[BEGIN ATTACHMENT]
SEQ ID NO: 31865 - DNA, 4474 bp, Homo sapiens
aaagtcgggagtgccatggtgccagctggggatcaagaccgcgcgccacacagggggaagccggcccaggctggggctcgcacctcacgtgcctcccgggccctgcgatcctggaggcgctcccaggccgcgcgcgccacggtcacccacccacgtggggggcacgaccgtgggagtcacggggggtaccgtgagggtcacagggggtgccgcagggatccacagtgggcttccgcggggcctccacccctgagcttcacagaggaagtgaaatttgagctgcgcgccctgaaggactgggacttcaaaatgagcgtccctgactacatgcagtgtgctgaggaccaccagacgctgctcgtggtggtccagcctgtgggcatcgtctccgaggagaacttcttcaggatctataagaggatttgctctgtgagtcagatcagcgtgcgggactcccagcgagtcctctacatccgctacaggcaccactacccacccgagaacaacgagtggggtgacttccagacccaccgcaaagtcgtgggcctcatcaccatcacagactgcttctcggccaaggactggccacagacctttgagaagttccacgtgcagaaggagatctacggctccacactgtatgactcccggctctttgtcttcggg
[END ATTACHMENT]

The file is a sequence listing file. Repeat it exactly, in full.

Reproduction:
SEQ ID NO: 31865 - DNA, 4474 bp, Homo sapiens
aaagtcgggagtgccatggtgccagctggggatcaagaccgcgcgccacacagggggaagccggcccaggctggggctcgcacctcacgtgcctcccgggccctgcgatcctggaggcgctcccaggccgcgcgcgccacggtcacccacccacgtggggggcacgaccgtgggagtcacggggggtaccgtgagggtcacagggggtgccgcagggatccacagtgggcttccgcggggcctccacccctgagcttcacagaggaagtgaaatttgagctgcgcgccctgaaggactgggacttcaaaatgagcgtccctgactacatgcagtgtgctgaggaccaccagacgctgctcgtggtggtccagcctgtgggcatcgtctccgaggagaacttcttcaggatctataagaggatttgctctgtgagtcagatcagcgtgcgggactcccagcgagtcctctacatccgctacaggcaccactacccacccgagaacaacgagtggggtgacttccagacccaccgcaaagtcgtgggcctcatcaccatcacagactgcttctcggccaaggactggccacagacctttgagaagttccacgtgcagaaggagatctacggctccacactgtatgactcccggctctttgtcttcggg